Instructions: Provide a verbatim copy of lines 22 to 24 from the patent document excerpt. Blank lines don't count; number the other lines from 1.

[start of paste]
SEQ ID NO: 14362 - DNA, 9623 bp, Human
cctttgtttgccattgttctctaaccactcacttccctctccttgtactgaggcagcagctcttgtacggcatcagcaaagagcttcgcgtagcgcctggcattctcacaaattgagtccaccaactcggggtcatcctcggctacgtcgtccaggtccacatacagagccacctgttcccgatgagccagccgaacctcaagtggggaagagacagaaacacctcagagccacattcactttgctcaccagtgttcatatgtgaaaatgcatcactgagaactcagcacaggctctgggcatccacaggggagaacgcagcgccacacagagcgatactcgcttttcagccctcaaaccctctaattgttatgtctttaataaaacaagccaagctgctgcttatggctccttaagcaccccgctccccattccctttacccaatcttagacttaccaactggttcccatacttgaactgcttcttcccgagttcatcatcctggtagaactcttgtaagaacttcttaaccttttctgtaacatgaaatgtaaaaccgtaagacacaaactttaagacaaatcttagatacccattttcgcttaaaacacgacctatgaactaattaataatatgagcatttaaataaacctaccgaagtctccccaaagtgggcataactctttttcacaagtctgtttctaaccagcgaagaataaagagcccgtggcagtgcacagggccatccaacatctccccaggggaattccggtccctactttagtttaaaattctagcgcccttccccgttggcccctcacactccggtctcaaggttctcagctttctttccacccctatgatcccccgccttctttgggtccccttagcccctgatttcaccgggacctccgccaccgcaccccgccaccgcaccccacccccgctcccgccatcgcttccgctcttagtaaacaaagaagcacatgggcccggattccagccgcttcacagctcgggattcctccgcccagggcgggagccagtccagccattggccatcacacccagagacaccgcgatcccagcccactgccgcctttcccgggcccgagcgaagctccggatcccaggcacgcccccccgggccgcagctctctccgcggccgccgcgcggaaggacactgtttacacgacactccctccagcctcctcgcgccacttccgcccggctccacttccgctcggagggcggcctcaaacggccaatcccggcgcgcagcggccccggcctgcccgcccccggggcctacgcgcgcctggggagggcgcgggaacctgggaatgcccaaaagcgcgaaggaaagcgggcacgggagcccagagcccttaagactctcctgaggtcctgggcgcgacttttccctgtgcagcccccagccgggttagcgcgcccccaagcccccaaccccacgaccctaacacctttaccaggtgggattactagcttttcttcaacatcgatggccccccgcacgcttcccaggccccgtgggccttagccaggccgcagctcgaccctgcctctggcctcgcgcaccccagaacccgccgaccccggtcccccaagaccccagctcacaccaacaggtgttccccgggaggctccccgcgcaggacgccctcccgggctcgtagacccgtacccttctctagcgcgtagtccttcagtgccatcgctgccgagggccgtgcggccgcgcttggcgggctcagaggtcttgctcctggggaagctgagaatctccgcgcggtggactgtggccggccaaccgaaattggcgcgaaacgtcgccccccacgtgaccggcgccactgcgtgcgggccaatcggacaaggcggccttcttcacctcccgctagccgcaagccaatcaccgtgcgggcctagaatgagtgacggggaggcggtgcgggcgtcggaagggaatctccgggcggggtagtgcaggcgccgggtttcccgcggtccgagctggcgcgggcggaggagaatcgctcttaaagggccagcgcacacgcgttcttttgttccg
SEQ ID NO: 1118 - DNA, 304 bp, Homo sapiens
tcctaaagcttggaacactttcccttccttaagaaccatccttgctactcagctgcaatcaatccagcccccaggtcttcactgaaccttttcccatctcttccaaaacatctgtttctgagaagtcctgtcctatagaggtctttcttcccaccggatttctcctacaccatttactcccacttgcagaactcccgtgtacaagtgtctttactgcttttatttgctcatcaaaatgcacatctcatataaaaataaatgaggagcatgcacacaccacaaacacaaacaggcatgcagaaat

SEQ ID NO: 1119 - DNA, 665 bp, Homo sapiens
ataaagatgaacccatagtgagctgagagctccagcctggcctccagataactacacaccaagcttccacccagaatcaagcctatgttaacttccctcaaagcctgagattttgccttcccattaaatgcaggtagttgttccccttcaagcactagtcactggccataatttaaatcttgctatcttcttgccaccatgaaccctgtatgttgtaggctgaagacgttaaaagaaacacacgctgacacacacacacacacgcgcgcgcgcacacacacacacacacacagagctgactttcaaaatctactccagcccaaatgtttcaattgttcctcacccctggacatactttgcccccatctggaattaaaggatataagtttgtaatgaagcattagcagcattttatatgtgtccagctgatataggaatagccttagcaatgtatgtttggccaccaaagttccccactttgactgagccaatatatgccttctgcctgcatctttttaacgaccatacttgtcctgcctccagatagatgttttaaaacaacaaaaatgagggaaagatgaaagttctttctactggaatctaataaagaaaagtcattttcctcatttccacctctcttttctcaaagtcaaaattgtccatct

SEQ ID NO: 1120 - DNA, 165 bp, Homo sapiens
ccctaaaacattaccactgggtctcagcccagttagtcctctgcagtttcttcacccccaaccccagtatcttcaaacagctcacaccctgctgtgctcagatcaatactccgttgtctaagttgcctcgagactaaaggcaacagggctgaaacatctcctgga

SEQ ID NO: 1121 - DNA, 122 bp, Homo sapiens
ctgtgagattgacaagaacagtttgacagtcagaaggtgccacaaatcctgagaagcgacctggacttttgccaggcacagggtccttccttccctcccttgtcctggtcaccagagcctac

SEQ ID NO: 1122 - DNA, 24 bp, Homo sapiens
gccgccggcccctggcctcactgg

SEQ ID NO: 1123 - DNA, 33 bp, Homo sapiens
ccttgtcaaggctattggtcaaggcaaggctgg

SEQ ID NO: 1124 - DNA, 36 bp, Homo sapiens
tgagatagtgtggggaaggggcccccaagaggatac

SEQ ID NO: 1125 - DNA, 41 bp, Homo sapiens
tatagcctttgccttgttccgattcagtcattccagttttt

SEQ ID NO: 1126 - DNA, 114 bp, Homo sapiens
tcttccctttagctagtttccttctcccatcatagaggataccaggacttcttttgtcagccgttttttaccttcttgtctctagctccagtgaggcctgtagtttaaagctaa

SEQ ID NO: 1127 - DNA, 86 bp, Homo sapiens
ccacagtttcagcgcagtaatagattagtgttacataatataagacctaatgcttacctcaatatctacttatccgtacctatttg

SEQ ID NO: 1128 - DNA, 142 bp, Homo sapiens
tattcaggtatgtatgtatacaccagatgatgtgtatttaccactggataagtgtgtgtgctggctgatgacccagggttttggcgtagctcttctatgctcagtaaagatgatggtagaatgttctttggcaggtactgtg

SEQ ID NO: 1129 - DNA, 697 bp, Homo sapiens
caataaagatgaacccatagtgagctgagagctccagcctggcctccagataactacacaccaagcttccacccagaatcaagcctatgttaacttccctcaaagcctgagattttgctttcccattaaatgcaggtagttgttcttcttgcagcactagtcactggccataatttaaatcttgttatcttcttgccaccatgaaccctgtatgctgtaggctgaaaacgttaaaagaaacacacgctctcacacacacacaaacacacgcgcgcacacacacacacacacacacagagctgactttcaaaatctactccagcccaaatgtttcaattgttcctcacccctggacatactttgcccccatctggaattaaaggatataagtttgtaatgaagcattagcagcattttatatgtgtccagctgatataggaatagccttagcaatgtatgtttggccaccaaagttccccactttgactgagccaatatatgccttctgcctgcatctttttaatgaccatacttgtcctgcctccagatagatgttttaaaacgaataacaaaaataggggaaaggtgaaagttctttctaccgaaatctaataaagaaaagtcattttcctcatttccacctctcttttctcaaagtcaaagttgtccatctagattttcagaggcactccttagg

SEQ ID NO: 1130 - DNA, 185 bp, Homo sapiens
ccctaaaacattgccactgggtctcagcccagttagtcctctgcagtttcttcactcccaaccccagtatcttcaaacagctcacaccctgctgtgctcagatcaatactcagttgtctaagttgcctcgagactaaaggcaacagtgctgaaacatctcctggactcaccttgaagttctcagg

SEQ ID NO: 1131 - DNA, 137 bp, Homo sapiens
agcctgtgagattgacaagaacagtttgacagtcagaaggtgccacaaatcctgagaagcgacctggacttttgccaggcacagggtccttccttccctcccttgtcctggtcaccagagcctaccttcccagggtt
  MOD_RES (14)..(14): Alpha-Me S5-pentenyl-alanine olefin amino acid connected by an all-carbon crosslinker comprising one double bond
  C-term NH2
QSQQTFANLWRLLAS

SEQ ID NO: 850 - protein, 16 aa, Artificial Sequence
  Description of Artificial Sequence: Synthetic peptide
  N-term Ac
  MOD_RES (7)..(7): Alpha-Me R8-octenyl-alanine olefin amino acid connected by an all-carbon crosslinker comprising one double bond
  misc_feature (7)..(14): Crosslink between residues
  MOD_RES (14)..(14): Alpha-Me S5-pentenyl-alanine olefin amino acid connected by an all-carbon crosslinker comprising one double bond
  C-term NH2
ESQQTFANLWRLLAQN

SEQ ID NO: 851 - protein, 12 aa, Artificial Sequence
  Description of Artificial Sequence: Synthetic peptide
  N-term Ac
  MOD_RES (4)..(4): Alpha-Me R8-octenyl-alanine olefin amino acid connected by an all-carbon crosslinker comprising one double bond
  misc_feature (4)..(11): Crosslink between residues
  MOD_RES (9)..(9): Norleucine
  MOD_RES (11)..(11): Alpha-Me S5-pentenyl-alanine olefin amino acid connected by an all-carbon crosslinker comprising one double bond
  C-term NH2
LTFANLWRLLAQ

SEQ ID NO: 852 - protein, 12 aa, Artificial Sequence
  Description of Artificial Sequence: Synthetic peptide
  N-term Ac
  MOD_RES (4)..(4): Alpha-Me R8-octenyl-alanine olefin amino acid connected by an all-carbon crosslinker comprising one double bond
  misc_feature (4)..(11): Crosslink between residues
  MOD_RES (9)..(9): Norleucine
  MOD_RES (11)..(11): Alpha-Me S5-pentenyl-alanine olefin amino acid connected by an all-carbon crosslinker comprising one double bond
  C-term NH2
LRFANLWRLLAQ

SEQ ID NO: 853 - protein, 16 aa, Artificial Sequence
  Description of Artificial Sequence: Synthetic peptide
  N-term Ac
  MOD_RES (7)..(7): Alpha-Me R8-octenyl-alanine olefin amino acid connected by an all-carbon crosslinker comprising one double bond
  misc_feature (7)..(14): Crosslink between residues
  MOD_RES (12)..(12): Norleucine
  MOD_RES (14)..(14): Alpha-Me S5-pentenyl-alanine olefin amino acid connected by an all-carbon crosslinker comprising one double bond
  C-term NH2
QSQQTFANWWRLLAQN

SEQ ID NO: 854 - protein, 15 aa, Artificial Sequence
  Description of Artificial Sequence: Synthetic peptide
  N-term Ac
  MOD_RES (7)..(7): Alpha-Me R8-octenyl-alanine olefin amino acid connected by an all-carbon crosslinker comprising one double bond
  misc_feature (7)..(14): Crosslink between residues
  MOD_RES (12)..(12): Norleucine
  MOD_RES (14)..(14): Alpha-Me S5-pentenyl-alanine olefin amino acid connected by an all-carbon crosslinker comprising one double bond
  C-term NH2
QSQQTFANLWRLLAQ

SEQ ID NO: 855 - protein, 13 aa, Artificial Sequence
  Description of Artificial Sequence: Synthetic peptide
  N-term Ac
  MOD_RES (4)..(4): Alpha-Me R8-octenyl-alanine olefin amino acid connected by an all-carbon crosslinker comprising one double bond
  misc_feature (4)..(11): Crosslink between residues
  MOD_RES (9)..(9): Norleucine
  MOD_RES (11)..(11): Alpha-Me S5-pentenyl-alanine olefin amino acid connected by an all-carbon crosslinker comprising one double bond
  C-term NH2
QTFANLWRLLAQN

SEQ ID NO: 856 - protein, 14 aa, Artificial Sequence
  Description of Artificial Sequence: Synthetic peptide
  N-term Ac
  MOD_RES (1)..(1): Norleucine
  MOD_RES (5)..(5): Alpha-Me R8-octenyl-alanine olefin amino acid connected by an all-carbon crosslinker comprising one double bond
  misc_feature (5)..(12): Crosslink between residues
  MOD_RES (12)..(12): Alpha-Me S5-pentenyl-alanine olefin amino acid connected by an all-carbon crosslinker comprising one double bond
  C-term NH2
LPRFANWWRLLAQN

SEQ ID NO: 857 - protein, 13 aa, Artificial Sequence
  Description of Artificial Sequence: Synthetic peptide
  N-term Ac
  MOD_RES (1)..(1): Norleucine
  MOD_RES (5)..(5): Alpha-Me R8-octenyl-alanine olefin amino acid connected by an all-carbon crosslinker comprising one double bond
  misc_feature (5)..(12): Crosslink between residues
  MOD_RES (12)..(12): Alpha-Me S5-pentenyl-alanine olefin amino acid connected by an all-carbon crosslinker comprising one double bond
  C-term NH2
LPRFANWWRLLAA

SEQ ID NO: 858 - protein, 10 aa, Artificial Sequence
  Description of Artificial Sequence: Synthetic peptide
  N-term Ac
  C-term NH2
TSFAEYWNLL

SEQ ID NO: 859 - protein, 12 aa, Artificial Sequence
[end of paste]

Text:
ccacagtttcagcgcagtaatagattagtgttacataatataagacctaatgcttacctcaatatctacttatccgtacctatttg

SEQ ID NO: 1128 - DNA, 142 bp, Homo sapiens
tattcaggtatgtatgtatacaccagatgatgtgtatttaccactggataagtgtgtgtgctggctgatgacccagggttttggcgtagctcttctatgctcagtaaagatgatggtagaatgttctttggcaggtactgtg